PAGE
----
–       Germany and the Netherlands on Thursday blocked a move to restart discussions over one of the 35 policy guidelines—called chapters—that Turkey must fulfill in order to join the 27-nation bloc. The talks were supposed to begin June 26 over what analysts say is an uncomplicated chapter dealing with regional governance issues.

A spokesman for the German foreign ministry said the talks were stalled over technical issues, but also said that the German government would prefer to discuss chapters with Turkey that deal with the "heart of the Europe"—questions of democracy and respecting human rights.

–       For German policy makers, the Turkish government’s response to further demonstrations could become the key to relaunching accession talks with the EU that have been stalled for more than three years. Volker Kauder, chairman of the parliamentary group of Ms. Merkel’s conservatives, said Friday it would be "inappropriate" to open any new chapters in the accession process now in light of the government crackdown on protest.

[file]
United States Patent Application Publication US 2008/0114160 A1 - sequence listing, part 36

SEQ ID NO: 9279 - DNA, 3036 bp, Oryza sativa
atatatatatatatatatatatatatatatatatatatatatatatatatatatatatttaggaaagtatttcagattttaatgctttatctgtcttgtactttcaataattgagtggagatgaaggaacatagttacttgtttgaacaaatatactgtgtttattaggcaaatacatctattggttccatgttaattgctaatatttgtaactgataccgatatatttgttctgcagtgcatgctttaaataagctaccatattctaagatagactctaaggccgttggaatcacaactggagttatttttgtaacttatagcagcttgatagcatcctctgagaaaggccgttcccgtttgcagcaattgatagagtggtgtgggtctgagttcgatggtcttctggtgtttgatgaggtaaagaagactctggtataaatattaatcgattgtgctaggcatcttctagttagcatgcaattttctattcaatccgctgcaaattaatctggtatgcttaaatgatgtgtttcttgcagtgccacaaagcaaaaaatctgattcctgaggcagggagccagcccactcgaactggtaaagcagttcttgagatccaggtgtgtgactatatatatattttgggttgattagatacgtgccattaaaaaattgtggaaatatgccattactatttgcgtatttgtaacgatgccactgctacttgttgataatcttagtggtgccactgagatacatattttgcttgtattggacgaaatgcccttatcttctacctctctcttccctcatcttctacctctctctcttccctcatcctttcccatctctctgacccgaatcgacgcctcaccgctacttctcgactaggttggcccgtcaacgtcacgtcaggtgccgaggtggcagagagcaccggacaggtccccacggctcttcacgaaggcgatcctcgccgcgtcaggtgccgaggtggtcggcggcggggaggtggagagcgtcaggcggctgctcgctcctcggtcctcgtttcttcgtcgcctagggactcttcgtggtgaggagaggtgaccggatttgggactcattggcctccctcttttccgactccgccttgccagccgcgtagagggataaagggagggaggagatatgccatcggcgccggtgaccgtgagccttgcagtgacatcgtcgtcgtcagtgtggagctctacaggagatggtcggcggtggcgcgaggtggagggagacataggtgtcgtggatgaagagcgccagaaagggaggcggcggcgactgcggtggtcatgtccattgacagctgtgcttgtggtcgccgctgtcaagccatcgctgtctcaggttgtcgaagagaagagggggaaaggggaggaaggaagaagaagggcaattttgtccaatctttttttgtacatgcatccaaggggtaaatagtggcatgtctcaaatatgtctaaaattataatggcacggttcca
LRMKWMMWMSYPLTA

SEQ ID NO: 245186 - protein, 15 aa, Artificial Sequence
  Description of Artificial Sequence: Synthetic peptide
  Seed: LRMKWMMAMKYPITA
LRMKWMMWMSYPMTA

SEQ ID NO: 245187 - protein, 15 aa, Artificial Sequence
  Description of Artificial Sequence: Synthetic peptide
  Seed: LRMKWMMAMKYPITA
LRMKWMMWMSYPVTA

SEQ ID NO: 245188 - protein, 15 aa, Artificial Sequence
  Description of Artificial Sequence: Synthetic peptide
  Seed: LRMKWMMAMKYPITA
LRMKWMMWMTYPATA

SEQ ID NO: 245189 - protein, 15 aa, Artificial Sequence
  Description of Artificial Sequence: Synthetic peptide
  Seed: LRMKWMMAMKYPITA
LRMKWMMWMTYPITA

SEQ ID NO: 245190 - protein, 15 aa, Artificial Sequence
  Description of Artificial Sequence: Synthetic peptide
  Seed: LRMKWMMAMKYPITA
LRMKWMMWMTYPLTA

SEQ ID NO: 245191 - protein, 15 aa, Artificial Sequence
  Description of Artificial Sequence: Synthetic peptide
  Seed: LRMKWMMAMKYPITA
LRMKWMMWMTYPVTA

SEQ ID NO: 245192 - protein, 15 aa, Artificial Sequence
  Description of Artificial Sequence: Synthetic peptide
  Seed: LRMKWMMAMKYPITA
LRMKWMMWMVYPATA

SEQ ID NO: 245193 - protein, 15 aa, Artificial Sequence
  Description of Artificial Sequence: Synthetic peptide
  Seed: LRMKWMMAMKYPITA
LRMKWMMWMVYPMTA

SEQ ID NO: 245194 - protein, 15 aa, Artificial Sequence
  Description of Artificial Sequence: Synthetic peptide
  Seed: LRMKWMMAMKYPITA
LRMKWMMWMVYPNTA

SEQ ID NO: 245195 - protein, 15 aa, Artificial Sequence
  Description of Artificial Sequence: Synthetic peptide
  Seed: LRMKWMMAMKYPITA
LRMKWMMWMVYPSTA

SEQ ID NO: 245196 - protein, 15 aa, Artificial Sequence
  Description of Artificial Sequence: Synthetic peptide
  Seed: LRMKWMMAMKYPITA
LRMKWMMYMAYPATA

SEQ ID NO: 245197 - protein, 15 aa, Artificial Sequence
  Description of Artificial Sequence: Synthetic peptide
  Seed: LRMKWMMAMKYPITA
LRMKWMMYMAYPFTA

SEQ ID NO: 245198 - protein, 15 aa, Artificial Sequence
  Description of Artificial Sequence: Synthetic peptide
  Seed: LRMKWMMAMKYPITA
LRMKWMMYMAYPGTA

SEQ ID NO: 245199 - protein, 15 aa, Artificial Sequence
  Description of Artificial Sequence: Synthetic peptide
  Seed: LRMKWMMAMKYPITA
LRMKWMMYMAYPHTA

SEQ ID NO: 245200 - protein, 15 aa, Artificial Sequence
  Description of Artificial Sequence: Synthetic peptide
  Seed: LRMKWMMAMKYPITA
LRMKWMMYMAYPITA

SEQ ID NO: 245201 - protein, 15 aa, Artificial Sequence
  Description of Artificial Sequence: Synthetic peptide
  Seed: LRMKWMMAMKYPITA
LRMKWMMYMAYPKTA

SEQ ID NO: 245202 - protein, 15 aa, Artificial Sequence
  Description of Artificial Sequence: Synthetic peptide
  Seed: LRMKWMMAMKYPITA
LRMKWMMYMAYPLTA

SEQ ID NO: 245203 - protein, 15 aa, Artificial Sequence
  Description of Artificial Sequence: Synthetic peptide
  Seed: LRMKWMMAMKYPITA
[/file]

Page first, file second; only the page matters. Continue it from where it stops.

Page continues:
–       He warned that sending in the military to put down protests would seriously jeopardize Turkey’s EU ambitions.

"In that case the EU would have to break off accession negotiations," Mr. Kauder told the daily Welt newspaper, in an interview that appeared online on Friday.

Write to William Boston at william.boston@dowjones.com

A version of this article appeared June 22, 2013, on page A8 in the U.S. edition of The Wall Street Journal, with the headline: Turkey, Germany Tensions Rise Over Protests.